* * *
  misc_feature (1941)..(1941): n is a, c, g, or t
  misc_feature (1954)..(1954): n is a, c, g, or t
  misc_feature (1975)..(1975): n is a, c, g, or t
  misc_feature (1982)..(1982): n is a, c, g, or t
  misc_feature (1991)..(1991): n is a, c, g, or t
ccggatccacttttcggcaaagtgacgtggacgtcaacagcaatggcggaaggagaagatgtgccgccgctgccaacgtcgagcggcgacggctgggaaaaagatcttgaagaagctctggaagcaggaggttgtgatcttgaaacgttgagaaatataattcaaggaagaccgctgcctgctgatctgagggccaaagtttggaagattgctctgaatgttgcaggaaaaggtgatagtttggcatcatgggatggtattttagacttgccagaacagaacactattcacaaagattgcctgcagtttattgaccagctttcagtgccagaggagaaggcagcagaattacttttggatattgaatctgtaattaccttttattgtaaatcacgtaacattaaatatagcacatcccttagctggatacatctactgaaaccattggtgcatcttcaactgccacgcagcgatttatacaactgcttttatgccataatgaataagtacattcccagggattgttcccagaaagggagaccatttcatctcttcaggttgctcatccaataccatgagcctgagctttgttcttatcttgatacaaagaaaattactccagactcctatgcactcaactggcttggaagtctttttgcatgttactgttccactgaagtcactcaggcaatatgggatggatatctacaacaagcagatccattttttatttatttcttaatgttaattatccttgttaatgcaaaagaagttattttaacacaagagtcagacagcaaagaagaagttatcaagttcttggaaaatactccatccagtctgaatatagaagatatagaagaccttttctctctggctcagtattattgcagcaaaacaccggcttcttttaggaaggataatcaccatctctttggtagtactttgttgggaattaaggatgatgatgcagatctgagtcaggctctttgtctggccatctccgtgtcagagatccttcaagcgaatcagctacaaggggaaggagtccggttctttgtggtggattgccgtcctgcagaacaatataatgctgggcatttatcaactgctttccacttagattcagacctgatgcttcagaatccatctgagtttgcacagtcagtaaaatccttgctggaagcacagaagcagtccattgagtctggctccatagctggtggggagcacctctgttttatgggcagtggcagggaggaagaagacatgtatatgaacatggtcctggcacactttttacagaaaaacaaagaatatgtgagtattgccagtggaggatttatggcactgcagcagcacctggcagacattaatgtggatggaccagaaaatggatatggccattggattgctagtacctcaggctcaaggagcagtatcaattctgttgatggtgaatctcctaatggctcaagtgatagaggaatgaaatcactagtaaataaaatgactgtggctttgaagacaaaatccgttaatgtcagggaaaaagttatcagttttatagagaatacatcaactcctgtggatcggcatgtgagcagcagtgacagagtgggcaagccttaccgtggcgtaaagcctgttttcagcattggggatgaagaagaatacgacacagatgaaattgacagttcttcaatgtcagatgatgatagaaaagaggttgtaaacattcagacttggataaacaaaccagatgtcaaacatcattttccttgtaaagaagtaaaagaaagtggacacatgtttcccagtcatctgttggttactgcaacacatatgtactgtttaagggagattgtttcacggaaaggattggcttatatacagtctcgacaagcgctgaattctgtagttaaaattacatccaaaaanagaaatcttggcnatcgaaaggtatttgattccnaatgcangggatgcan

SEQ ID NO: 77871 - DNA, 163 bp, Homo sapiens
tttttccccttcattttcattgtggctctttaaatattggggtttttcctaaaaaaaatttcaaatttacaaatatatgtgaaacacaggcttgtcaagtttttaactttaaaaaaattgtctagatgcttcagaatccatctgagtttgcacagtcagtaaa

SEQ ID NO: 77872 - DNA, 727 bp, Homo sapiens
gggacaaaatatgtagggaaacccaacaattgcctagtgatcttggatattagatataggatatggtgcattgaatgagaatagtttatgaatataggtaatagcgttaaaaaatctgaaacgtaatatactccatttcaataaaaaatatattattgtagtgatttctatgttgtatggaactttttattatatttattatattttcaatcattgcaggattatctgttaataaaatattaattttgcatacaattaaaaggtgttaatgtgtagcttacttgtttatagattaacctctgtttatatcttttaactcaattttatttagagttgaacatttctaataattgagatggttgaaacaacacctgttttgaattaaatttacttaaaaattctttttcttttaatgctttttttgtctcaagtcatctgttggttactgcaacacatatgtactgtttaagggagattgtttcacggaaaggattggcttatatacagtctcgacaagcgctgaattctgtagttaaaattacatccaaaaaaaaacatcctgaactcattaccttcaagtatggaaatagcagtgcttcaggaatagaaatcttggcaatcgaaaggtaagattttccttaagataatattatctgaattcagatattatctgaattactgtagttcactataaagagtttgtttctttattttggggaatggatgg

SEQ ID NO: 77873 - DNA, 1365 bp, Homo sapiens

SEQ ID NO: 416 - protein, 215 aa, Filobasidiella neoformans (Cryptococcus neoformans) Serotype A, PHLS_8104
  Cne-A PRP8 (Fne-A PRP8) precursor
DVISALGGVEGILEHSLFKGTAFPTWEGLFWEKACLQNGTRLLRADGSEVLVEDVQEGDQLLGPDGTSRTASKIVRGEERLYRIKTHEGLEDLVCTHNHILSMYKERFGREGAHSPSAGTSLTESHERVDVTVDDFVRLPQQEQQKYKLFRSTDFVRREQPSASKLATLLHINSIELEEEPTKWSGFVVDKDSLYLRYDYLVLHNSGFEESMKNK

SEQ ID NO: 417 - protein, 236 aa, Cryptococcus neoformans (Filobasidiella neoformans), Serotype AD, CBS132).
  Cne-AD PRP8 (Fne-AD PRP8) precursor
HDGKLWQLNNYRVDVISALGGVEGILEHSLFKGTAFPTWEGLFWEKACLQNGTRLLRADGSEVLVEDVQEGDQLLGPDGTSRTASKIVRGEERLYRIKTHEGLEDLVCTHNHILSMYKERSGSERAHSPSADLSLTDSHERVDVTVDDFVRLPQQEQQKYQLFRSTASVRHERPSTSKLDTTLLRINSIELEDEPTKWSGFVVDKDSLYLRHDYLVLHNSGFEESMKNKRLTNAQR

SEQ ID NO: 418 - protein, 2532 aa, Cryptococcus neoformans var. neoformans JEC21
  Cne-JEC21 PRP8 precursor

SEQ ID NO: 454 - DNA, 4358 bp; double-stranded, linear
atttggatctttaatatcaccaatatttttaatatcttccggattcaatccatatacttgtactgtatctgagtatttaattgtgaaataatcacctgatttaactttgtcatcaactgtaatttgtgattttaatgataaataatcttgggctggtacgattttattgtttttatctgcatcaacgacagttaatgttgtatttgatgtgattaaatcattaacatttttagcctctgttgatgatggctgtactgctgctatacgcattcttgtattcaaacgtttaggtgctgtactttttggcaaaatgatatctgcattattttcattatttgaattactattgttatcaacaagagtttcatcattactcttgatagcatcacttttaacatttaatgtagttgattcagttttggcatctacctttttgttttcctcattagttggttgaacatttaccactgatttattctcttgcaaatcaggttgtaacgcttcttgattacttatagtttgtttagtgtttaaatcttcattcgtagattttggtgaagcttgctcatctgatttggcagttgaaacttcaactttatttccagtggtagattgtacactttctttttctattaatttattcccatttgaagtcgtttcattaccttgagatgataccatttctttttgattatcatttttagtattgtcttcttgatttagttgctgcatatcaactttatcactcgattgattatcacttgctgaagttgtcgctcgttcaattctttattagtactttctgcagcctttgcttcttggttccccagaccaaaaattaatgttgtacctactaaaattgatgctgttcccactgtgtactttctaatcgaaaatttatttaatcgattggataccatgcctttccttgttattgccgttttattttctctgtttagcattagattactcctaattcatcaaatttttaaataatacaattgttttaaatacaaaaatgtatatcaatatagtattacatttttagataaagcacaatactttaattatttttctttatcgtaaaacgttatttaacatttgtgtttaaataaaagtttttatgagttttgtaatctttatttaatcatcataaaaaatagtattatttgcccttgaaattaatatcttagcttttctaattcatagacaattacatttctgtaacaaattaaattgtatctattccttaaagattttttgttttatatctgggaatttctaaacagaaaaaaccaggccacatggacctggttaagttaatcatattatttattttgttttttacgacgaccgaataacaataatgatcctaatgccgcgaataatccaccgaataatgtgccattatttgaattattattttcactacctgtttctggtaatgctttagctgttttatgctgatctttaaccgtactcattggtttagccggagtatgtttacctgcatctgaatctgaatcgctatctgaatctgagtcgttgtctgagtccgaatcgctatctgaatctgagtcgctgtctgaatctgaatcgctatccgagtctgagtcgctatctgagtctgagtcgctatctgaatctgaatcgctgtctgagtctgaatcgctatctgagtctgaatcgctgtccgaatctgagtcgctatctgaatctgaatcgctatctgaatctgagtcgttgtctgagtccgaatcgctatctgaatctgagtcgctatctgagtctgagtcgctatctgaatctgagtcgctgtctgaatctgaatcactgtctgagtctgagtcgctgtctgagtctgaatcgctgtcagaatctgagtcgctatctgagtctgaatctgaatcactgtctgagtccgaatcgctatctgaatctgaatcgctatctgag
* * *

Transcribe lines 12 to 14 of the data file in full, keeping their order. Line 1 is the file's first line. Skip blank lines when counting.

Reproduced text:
SEQ ID NO: 416 - protein, 215 aa, Filobasidiella neoformans (Cryptococcus neoformans) Serotype A, PHLS_8104
  Cne-A PRP8 (Fne-A PRP8) precursor
DVISALGGVEGILEHSLFKGTAFPTWEGLFWEKACLQNGTRLLRADGSEVLVEDVQEGDQLLGPDGTSRTASKIVRGEERLYRIKTHEGLEDLVCTHNHILSMYKERFGREGAHSPSAGTSLTESHERVDVTVDDFVRLPQQEQQKYKLFRSTDFVRREQPSASKLATLLHINSIELEEEPTKWSGFVVDKDSLYLRYDYLVLHNSGFEESMKNK